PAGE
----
Don't be surprised if your oncologists know nothing about all of this or don't want to hear about it. Their med education teachers next to nothing about nutrition and disease, alas.

Best,
Rosey

RoseyR
Posts: 464
Joined: Feb 2011

Please email me at top left of our screen and I will send you my private email address so that I can forward a more detailed description of what was prescribed for me during treatment.

Best,
Rosey

hislilsongbird
Posts: 5
Joined: Jun 2012

i emailed you my email rosey, am very interested in the vitamins and diet, thank you much!

trishmattjon
Posts: 3
Joined: Jul 2012

On July 2, 2012, my gyn got a phone call from the pathologist who examined the remnants of my hysterectomy, done June 14. He found traces of carcinosarcoma in this blob of matter that was removed, which gave me the appearance of a woman bet. 4-5 mos pregnant. Because I had a laparoscopic surgery, and there IS the possibility that pieces may have broken off, I was sent for immediate testing with an oncologist. CA-125 was normal, my CT scan of lymph nodes chest to pelvis were clear. Despite the fact that everything LOOKS normal, my oncologist has sent me for a battery of tests, my port goes in July 18, my chemos commence 7/19- six of them, one every three weeks. I am DETERMINED to keep my hair, so I have started taking 5000mcg biotin, hair/nail vitamins, and collagen; and am treating my top of my head with minoxodil. My chemo is carboplastin, which may cause hair thinning; but many do not have any reaction. This beats the heck out of the Taxol drug my oncologist wanted to give me. My Mom died of ovarian cancer, and she was emotionally shattered when she lost every hair on her head overnight, and it grew back like a newborn baby's, but grey. Mom's oncologist treated her with Taxol. Since I cannot afford the $16K for a cold cap rental, I will bring ice bags to put on my head so the chemo drugs will NOT be taken into my hair follicles, since the blood vessels will contract. What will become of me?? I don't know yet. I just know I will NOT go bald, I will NOT be held hostage, and I am going exactly nowhere. In the words of my 99-year-old Auntie, who just had a cancerous tumor taken from her intestines a few months ago--"I can't die yet! I have unfinished business!!" She is now living with her daughter, very normally- except for her colostomy bag. I am inspired by her courage and strength, and I, too have unfinished business at age 54. I will keep you posted.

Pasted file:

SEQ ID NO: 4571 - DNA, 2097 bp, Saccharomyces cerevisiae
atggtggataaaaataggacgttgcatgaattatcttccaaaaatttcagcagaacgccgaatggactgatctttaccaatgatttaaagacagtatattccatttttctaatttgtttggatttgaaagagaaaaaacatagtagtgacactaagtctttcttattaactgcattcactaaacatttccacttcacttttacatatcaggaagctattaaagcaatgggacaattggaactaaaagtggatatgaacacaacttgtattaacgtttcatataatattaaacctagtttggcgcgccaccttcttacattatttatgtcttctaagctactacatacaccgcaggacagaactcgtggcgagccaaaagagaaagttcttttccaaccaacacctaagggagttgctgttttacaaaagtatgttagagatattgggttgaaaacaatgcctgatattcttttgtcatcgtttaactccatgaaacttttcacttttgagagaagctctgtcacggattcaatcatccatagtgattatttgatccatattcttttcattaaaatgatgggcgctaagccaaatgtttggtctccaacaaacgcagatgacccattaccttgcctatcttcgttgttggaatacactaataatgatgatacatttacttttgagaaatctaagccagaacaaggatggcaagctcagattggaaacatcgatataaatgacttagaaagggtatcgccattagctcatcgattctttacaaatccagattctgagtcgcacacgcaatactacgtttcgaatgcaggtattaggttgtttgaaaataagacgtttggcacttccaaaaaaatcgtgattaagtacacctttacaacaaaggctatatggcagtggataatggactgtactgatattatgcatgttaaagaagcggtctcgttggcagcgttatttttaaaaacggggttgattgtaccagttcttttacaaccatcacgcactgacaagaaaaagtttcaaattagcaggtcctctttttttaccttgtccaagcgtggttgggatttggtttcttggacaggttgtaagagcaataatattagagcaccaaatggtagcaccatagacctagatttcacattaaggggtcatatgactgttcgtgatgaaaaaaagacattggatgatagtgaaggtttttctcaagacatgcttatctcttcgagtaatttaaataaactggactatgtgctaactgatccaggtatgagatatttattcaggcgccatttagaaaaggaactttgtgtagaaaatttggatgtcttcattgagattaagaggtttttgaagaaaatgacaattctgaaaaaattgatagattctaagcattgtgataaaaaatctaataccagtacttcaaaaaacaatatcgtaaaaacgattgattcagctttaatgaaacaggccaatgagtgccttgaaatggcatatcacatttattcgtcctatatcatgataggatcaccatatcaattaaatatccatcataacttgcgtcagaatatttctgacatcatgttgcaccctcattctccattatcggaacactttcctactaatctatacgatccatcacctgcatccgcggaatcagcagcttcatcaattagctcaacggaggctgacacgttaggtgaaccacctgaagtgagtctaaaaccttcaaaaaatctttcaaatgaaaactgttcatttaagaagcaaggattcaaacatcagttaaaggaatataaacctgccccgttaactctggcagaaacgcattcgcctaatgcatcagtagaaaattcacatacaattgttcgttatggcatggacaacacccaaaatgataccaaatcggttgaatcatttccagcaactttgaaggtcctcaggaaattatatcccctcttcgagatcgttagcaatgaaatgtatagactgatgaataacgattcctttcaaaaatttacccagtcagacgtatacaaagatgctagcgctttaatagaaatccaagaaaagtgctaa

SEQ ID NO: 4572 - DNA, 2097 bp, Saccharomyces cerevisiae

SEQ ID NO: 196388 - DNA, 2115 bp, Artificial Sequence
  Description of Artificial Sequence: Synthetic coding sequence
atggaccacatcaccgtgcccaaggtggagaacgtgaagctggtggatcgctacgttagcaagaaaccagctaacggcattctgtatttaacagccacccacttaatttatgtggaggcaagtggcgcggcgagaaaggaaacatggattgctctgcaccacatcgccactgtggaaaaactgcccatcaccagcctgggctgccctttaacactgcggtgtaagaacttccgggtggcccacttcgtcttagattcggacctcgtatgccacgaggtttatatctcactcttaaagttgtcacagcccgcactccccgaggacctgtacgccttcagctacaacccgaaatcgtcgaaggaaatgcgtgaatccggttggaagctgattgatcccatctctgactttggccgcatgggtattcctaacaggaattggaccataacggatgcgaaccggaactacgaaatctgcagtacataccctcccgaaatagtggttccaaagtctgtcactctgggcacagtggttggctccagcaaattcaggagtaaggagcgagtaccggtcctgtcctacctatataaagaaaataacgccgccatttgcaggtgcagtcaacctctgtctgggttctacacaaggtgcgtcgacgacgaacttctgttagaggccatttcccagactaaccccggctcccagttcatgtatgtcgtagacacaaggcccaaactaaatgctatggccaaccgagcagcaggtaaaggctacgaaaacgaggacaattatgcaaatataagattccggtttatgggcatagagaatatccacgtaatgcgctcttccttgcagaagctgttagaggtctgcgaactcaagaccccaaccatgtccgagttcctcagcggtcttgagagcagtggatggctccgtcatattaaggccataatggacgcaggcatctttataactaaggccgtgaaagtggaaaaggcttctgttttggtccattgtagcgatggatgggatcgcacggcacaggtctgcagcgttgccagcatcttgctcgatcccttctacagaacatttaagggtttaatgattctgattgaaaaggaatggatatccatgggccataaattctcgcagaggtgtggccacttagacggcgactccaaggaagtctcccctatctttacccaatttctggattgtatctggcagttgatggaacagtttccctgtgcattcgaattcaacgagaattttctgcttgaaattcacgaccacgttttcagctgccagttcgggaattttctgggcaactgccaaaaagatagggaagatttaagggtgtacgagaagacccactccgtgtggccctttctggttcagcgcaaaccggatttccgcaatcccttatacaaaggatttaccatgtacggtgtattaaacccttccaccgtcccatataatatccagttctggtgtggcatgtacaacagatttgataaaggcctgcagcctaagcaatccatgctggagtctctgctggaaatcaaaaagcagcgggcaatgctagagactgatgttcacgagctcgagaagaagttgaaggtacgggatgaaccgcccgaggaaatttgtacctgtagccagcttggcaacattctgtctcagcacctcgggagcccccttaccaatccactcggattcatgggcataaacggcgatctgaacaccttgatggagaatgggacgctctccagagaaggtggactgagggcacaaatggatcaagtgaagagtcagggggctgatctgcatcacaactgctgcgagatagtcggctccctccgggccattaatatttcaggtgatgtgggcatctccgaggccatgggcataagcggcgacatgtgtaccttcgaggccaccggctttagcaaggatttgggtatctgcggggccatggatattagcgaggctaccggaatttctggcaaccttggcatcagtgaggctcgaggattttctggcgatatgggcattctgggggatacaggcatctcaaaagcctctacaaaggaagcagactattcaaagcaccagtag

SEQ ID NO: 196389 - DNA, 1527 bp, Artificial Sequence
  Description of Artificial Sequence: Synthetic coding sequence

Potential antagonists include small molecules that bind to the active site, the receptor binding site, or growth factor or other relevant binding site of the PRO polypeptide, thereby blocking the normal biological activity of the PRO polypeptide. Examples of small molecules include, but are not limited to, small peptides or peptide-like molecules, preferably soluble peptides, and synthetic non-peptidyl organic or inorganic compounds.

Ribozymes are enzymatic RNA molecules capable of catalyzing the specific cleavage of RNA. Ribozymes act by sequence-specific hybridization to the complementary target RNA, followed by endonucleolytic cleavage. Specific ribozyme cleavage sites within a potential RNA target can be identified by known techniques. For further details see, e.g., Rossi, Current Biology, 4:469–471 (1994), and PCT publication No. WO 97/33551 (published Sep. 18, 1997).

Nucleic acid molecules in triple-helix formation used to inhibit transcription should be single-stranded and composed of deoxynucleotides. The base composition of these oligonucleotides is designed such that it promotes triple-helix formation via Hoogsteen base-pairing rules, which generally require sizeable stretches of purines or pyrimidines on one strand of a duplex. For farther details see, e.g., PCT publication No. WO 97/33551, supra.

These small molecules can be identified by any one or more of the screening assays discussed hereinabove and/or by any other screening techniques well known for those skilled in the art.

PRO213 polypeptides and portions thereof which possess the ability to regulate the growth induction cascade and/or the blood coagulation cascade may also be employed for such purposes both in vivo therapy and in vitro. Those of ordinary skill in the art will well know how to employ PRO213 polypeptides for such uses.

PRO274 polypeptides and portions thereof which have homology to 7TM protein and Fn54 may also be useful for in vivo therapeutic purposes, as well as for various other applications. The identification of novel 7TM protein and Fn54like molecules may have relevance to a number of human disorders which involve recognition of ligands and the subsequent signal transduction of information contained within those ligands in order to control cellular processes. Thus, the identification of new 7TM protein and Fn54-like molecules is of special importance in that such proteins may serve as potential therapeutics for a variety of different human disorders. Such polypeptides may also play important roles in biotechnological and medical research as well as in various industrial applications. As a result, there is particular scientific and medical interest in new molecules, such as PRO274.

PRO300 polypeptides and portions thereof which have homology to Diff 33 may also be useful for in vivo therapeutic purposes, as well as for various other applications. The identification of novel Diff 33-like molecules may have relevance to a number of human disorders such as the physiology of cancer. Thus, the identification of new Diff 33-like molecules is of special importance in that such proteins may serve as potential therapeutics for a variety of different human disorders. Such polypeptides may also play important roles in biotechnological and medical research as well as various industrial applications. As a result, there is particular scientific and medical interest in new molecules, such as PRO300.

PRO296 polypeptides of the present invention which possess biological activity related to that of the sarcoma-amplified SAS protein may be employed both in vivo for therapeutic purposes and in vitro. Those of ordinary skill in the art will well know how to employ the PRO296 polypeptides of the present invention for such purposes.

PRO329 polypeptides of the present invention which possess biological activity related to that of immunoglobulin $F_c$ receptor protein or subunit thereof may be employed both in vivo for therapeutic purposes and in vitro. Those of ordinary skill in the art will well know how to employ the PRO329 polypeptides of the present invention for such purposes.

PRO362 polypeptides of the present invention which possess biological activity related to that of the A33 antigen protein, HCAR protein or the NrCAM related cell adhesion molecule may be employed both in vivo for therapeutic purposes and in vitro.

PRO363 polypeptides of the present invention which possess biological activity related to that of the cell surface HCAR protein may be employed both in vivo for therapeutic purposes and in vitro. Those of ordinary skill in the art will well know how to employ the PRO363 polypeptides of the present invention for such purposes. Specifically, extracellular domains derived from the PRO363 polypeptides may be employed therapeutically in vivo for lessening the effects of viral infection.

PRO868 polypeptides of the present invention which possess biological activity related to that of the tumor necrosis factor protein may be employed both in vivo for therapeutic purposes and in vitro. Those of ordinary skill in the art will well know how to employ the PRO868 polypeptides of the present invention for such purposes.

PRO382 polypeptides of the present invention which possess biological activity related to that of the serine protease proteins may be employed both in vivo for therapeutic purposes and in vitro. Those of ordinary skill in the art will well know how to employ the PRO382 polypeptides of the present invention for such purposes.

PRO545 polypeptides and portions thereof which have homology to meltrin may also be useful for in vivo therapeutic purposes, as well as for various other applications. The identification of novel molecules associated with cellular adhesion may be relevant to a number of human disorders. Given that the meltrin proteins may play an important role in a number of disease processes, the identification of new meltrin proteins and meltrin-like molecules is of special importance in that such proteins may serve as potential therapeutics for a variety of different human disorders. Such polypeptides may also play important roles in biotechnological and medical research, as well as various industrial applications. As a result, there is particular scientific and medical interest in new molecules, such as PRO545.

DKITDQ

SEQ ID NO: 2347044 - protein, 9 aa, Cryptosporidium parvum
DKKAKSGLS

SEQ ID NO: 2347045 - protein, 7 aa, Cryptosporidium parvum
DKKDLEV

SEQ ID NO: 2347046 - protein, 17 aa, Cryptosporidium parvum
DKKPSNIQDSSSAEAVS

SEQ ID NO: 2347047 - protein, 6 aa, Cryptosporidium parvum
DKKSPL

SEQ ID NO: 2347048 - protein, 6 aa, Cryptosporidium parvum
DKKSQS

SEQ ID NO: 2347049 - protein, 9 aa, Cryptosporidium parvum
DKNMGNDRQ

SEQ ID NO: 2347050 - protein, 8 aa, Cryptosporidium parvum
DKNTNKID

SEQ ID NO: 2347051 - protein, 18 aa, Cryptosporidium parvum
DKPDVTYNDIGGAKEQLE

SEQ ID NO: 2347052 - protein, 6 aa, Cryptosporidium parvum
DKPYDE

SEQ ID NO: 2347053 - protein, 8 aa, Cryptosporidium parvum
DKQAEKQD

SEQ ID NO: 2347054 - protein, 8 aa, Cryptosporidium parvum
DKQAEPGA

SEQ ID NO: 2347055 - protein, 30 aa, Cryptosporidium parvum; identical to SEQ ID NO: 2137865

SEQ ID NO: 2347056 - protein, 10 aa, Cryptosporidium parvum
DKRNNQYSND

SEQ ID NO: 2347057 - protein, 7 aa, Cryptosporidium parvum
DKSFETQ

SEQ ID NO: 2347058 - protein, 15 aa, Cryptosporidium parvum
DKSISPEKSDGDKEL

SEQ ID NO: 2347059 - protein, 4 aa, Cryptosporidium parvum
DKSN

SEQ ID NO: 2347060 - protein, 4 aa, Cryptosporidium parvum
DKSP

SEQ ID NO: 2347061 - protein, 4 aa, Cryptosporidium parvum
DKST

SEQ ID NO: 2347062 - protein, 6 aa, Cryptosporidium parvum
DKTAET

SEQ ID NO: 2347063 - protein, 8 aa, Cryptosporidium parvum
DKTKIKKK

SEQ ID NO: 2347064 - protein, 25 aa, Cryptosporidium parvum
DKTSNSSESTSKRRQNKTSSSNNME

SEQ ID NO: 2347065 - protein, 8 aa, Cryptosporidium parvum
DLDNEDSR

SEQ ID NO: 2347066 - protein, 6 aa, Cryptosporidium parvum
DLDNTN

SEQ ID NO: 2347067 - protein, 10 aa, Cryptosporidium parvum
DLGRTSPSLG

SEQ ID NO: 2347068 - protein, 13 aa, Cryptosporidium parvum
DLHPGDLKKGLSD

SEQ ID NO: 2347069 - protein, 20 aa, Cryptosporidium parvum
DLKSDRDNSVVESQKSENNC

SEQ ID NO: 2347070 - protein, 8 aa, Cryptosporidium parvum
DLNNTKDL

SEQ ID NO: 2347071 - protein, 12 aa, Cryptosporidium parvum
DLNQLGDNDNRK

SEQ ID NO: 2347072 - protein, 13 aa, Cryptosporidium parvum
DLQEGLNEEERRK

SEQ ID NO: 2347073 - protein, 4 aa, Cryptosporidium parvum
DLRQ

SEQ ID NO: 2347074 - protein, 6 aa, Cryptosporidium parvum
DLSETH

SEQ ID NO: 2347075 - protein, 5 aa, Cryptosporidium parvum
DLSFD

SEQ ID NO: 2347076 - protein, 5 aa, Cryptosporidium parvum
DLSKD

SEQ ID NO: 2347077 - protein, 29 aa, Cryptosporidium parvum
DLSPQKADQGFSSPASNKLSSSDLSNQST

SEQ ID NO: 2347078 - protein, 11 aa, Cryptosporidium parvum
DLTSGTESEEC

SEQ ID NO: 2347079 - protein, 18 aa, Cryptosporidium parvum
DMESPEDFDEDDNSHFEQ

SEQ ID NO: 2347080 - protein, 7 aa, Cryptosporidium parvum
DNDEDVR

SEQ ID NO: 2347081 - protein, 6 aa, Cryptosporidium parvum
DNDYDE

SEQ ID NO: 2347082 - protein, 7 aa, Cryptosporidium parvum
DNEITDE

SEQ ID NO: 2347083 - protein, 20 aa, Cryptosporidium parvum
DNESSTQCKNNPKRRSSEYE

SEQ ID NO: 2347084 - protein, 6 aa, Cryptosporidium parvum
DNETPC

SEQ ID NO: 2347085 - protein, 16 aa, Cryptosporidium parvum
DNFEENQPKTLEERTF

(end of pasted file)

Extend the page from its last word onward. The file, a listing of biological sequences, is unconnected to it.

trishmattjon
Posts: 3
Joined: Jul 2012

On July 2, 2012, my gyn got a phone call from the pathologist who examined the remnants of my hysterectomy, done June 14. He found traces of carcinosarcoma in this blob of matter that was removed, which gave me the appearance of a woman bet. 4-5 mos pregnant. Because I had a laparoscopic surgery, and there IS the possibility that pieces may have broken off, I was sent for immediate testing with an oncologist. CA-125 was normal, my CT scan of lymph nodes chest to pelvis were clear. Despite the fact that everything LOOKS normal, my oncologist has sent me for a battery of tests, my port goes in July 18, my chemos commence 7/19- six of them, one every three weeks. I am DETERMINED to keep my hair, so I have started taking 5000mcg biotin, hair/nail vitamins, and collagen; and am treating my top of my head with minoxodil. My chemo is carboplastin, which may cause hair thinning; but many do not have any reaction. This beats the heck out of the Taxol drug my oncologist wanted to give me. My Mom died of ovarian cancer, and she was emotionally shattered when she lost every hair on her head overnight, and it grew back like a newborn baby's, but grey. Mom's oncologist treated her with Taxol. Since I cannot afford the $16K for a cold cap rental, I will bring ice bags to put on my head so the chemo drugs will NOT be taken into my hair follicles, since the blood vessels will contract. What will become of me?? I don't know yet. I just know I will NOT go bald, I will NOT be held hostage, and I am going exactly nowhere. In the words of my 99-year-old Auntie, who just had a cancerous tumor taken from her intestines a few months ago--"I can't die yet! I have unfinished business!!" She is now living with her daughter, very normally- except for her colostomy bag. I am inspired by her courage and strength, and I, too have unfinished business at age 54. I will keep you posted.